42,174 research outputs found

    Second Repeating FRB 180814.J0422+73: Ten-year Fermi-LAT Upper Limits and Implications

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    The second repeating fast radio burst source, FRB 180814.J0422+73, was detected recently by the CHIME collaboration. We use the ten-year Fermi Large Area Telescope archival data to place a flux upper limit in the energy range of 100 MeV−10 GeV at the position of the source, which is ~1.1 × 10−11 erg cm−2 s−1 for a six-month time bin on average, and ~2.4 × 10−12 erg cm−2 s−1 for the entire ten-year time span. For the maximum redshift of z = 0.11, the ten-year upper limit of luminosity is ~7.3 × 1043 erg s−1. We utilize these upper limits to constrain the fast radio burst (FRB) progenitor and central engine. For the rotation-powered young magnetar model, the upper limits can pose constraints on the allowed parameter space for the initial rotational period and surface magnetic field of the magnetar. We also place significant constraints on the kinetic energy of a relativistic external shock wave, ruling out the possibility that there existed a gamma-ray burst (GRB) beaming toward Earth during the past ten years as the progenitor of the repeater. The case of an off-beam GRB is also constrained if the viewing angle is not much greater than the jet opening angle. All of these constraints are more stringent if FRB 180814.J0422+73 is at a closer distance

    Equilibrium and equilibration in a gluon plasma with improved matrix elements

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    The hot and dense matter created in the early stage of a relativistic heavy ion collision is composed mainly of gluons. Radiative processes can play an important role for the thermalization of such partonic systems. The simplest parton number changing processes are commonly described by the Gunion-Bertsch formula. We show that the cross section from the exact matrix element for the lowest order radiative process could be significantly smaller than that based on the Gunion-Bertsch formula. In light of this, we discuss the role of radiative processes on the equilibrium and equilibration of a gluon plasma.Comment: Presented at the 25th International Nuclear Physics Conference (INPC 2013), Florence, Italy, 2-7 June 201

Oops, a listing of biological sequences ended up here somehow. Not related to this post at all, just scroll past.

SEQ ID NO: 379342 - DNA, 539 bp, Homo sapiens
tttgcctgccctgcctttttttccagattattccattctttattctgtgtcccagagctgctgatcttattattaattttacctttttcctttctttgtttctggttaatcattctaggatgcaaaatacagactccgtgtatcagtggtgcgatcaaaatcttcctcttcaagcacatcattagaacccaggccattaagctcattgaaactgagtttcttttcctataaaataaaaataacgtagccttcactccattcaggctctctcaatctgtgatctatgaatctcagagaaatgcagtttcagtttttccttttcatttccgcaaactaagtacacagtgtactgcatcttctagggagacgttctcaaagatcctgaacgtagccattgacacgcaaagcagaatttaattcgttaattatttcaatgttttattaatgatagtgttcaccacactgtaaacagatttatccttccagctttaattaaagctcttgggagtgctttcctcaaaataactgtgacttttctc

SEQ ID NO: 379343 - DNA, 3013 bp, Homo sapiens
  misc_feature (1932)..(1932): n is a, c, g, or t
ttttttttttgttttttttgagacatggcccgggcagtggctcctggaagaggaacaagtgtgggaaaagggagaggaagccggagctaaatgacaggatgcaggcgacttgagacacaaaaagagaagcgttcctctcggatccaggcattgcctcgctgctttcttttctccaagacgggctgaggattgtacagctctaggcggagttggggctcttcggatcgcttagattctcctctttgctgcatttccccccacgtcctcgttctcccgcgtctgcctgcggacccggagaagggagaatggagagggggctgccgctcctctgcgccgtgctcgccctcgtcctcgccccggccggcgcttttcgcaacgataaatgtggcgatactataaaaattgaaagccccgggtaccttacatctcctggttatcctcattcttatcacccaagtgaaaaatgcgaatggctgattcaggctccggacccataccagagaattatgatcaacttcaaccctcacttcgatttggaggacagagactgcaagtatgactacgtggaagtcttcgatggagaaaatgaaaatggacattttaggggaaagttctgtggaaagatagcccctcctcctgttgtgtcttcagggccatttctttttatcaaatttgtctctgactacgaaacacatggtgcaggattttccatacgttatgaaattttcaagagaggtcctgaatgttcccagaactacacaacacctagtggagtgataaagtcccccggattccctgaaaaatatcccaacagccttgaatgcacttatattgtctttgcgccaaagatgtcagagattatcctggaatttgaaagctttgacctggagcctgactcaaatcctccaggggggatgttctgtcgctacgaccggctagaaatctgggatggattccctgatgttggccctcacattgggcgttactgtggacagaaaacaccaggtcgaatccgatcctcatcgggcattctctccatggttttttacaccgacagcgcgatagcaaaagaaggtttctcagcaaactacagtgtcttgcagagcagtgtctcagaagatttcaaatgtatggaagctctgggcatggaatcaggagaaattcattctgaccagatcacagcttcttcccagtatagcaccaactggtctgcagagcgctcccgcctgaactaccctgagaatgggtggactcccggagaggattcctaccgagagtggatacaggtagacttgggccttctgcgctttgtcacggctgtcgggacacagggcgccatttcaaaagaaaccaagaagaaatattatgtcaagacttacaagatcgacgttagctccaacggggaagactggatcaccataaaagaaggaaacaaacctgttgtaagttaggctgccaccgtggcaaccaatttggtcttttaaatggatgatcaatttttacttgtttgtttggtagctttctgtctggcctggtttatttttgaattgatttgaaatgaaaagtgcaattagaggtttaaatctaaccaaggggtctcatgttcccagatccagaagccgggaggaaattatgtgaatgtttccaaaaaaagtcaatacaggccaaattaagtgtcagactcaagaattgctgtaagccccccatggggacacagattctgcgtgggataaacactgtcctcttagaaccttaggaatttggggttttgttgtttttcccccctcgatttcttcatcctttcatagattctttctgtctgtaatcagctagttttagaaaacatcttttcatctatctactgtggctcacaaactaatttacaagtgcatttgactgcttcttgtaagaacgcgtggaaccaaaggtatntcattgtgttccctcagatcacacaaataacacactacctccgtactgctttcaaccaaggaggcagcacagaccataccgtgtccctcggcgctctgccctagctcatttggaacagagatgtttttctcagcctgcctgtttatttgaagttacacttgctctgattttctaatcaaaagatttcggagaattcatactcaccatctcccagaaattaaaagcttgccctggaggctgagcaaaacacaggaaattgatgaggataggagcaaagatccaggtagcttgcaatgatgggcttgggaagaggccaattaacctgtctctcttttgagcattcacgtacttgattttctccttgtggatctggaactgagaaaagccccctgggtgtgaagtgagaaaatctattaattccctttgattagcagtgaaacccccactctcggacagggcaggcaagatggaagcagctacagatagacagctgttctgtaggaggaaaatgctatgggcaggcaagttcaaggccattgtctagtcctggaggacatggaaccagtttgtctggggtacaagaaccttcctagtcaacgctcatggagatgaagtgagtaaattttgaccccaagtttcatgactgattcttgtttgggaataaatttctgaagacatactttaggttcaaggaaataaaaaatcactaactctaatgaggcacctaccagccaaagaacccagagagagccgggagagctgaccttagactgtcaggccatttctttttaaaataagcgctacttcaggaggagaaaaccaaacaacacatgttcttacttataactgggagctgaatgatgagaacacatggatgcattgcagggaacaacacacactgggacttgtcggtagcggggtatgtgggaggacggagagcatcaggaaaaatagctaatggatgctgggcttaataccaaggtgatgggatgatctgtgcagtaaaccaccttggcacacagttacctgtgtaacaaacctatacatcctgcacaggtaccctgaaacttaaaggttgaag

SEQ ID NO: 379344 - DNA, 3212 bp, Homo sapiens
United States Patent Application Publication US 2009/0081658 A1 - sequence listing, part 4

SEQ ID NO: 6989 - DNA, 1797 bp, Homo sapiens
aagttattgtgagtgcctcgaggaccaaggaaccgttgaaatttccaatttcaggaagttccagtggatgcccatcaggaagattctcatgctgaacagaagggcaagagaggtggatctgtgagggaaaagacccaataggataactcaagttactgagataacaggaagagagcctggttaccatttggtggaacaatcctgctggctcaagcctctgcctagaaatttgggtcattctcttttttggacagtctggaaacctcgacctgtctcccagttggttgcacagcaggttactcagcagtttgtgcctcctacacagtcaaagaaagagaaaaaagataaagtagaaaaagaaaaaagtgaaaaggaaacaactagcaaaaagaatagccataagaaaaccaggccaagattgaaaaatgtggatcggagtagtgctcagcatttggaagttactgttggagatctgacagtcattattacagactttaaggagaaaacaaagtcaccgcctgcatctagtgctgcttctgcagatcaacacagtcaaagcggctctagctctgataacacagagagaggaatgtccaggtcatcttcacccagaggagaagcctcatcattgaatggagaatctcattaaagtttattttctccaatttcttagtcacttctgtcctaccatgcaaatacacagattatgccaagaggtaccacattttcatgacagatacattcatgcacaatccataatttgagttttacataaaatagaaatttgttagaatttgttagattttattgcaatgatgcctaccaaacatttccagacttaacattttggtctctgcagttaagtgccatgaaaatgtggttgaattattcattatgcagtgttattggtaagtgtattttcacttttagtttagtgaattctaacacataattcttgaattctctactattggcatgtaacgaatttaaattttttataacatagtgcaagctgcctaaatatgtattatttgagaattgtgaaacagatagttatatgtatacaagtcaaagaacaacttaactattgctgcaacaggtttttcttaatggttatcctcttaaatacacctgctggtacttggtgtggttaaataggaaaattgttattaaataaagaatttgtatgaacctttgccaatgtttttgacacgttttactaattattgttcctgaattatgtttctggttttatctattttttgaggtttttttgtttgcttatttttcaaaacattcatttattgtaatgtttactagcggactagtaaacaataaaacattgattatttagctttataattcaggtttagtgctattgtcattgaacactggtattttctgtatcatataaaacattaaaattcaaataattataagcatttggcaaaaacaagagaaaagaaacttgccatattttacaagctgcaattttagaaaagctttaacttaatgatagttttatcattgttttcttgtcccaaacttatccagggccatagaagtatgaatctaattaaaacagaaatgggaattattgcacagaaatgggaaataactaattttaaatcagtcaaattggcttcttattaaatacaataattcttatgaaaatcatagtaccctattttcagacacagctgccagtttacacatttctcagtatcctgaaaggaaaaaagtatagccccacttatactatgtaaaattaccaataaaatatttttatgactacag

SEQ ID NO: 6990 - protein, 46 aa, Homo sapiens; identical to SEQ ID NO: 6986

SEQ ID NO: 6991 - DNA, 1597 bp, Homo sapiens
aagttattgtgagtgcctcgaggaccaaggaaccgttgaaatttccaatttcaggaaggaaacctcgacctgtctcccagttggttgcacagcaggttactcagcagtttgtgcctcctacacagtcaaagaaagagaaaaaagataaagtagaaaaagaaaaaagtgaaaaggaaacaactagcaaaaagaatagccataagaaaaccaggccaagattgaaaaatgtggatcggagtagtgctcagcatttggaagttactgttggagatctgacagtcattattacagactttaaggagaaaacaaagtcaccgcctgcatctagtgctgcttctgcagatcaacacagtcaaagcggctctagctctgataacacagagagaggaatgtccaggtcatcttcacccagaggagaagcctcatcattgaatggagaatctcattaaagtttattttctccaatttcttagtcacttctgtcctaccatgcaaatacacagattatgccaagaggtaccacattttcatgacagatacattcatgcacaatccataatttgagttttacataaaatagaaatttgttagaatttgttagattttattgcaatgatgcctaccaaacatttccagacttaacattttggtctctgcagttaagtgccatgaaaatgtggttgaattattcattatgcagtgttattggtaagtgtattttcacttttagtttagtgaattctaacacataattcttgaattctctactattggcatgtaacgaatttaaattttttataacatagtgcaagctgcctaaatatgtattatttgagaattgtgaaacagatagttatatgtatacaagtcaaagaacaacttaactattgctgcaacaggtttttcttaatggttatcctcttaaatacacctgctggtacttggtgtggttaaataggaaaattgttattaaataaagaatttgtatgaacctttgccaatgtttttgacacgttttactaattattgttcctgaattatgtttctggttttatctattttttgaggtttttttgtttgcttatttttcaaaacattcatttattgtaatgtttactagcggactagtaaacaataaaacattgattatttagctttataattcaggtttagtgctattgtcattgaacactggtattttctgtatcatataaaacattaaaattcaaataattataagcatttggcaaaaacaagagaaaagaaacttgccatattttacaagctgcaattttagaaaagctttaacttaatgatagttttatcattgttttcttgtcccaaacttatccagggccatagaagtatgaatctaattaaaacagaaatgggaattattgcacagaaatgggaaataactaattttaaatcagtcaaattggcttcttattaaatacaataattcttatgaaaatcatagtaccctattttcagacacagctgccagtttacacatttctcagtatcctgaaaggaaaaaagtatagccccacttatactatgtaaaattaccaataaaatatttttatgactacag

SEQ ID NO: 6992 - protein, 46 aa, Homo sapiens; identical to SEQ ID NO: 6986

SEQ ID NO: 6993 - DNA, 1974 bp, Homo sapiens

Central Engine Memory of Gamma-Ray Bursts and Soft Gamma-Ray Repeaters

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    Gamma-ray Bursts (GRBs) are bursts of γ\gamma-rays generated from relativistic jets launched from catastrophic events such as massive star core collapse or binary compact star coalescence. Previous studies suggested that GRB emission is erratic, with no noticeable memory in the central engine. Here we report a discovery that similar light curve patterns exist within individual bursts for at least some GRBs. Applying the Dynamic Time Warping (DTW) method, we show that similarity of light curve patterns between pulses of a single burst or between the light curves of a GRB and its X-ray flare can be identified. This suggests that the central engine of at least some GRBs carries "memory" of its activities. We also show that the same technique can identify memory-like emission episodes in the flaring emission in Soft Gamma-Ray Repeaters (SGRs), which are believed to be Galactic, highly magnetized neutron stars named magnetars. Such a phenomenon challenges the standard black hole central engine models for GRBs, and suggest a common physical mechanism behind GRBs and SGRs, which points towards a magnetar central engine of GRBs.Comment: 7 pages, 4 figures, ApJ Letters in pres

    Dependence of Temporal Properties on Energy in Long-Lag, Wide-Pulse Gamma-Ray Bursts

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    We employed a sample compiled by Norris et al. (2005, ApJ, 625, 324) to study the dependence of the pulse temporal properties on energy in long-lag, wide-pulse gamma-ray bursts. Our analysis shows that the pulse peak time, rise time scale and decay time scale are power law functions of energy, which is a preliminary report on the relationships between the three quantities and energy. The power law indexes associated with the pulse width, rise time scale and decay time scale are correlated and the correlation between the indexes associated with the pulse width and the decay time scale is more obvious. In addition, we have found that the pulse peak lag is strongly correlated with the CCF lag, but the centroid lag is less correlated with the peak lag and CCF lag. Based on these results and some previous investigations, we tend to believe that all energy-dependent pulse temporal properties may come from the joint contribution of both the hydrodynamic processes of the outflows and the curvature effect, where the energy-dependent spectral lag may be mainly dominated by the dynamic process and the energy-dependent pulse width may be mainly determined by the curvature effect.Comment: 20 pages, 7 figures, added references, matched to published version, accepted for publication in PAS